[email protected]

March 21, 2016

The Editor
Wall Street Journal
1211 Avenue of the Americas
New York, NY 10036
[email protected]

In Gordon Crovitz’s March 20th column, “Stop Obama’s Internet Giveaway”, he quotes a passage from my March 2nd CircleID.com article in which I was critical of former ICANN CEO Fadi Chehade’s less than complete response to a letter of inquiry from three U.S. Senators, including Ted Cruz. I had preciously questioned the propriety of the December 2015 announcement that Mr. Chehade, while still an ICANN employee and absent advance notice to the ICANN Board, had agreed to be Co-Chair of the Advisory Committee to China’s World Internet Conference (WIC). WIC appears to have the aim of supplanting ICANN’s multistakeholder model (MSM) with multilateral government dominance; and to oppose the version of Internet Governance (IG) that abhors the type of state information censorship exemplified by China’s “Great Firewall”.

While the quotation is correct, and while I respect Mr. Crovitz’s viewpoint, I wish to make clear that I am not opposed to the final IANA Transition and accompanying ICANN Accountability Proposals. The package just adopted at ICANN 55 in Marrakech is a sound blueprint that, while composed of interdependent compromises, will nonetheless provide a substantial improvement in the accountability of ICANN’s Board to its multistakeholder community if faithfully implemented over the coming months. After nearly two years of work, telling ICANN’s community to go back to the drawing board would be a dispiriting rebuke that could undermine global support for multistakeholderism and strengthen the hand of those seeking governmental IG domination.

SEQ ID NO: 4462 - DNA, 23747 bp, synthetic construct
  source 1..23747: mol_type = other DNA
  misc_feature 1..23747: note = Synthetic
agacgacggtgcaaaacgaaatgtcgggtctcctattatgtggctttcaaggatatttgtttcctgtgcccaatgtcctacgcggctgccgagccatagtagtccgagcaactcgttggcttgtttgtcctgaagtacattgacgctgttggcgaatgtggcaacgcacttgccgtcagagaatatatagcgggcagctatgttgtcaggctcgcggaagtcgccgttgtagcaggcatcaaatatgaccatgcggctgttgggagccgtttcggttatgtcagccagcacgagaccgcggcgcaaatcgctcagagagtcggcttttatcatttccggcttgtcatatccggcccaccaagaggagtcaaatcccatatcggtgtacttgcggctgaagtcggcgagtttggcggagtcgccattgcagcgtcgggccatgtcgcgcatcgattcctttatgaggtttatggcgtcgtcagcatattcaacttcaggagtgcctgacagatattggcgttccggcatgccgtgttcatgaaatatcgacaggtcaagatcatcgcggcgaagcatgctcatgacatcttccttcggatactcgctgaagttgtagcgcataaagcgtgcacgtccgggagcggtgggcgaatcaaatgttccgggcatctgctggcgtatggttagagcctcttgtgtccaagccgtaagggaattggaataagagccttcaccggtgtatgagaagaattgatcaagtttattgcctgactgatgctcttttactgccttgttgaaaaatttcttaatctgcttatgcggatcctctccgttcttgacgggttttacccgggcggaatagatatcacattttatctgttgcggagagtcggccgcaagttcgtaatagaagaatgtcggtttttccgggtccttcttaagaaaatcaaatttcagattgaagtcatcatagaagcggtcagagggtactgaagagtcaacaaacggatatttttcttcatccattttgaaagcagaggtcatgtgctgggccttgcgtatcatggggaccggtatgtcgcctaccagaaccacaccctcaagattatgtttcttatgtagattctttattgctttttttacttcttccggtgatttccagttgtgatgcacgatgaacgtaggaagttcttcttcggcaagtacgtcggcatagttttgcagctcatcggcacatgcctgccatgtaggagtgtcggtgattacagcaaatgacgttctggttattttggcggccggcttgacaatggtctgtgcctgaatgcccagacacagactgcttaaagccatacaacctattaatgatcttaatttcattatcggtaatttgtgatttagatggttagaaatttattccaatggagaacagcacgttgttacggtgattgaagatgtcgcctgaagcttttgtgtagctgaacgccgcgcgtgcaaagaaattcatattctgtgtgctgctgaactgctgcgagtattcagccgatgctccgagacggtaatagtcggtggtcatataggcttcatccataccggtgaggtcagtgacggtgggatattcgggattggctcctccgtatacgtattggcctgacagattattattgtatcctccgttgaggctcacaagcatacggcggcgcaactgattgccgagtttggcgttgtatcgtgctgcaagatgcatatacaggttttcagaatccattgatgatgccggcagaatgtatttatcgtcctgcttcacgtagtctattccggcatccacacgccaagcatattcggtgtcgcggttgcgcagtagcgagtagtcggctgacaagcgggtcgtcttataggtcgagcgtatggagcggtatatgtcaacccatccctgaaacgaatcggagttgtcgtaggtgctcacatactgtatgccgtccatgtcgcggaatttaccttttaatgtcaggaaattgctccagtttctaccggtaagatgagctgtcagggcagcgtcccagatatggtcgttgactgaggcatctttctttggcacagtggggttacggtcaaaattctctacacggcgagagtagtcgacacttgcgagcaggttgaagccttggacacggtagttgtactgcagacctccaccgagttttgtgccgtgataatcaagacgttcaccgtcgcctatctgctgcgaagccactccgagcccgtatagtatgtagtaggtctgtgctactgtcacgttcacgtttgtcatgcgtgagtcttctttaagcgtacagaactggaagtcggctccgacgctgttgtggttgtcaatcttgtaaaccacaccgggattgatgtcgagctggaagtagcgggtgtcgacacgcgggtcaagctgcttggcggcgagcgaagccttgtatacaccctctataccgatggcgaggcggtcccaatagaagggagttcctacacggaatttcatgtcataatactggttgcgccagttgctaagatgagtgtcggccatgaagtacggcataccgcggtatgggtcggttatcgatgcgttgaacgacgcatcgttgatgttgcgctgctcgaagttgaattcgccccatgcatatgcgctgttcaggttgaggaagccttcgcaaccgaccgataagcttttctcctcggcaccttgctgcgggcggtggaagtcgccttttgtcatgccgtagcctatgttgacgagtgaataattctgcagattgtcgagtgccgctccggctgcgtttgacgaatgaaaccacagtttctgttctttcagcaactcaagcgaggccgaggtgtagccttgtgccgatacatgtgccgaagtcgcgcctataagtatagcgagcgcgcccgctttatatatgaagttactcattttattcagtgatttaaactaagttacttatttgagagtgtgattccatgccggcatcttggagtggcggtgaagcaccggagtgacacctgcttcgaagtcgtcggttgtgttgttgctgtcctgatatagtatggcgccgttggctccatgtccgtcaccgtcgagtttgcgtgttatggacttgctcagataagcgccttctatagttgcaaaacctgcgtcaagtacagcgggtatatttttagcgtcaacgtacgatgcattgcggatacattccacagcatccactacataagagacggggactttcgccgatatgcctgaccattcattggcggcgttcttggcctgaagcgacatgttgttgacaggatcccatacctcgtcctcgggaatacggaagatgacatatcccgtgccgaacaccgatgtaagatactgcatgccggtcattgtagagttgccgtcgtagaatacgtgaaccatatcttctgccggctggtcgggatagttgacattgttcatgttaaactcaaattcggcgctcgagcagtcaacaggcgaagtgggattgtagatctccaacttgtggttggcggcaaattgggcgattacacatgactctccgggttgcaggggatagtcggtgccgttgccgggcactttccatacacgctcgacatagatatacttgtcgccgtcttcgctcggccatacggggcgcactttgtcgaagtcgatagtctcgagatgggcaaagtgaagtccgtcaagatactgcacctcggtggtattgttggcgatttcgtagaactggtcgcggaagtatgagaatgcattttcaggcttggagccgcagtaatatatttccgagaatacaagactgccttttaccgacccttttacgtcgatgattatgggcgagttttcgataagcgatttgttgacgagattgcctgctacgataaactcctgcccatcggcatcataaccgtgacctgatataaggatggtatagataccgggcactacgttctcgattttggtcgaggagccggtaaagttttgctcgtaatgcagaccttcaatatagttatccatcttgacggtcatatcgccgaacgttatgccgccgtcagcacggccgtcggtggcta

I do not regard the proposals as creating a substantial danger of multilateral takeover. Entwining members of the Governmental Advisory Committee (GAC) in the newly Empowered Community binds them more closely to ICANN’s MSM. Further, governments will remain restricted to a purely advisory role on policy matters. As one who participated in shaping the final language of the Recommendation relating to Board consideration of GAC advice, I believe that the single additional Board member vote required to reject GAC advice is more than offset by stipulating in ICANN’s Bylaws that the only GAC advice to receive such procedural treatment is that which is near-unanimous and lacking any formal objection by any nation, including the United States and its democratic partners. In addition, a GAC “carve-out” prevents governments from blocking community accountability actions triggered by Board acceptance of GAC consensus advice.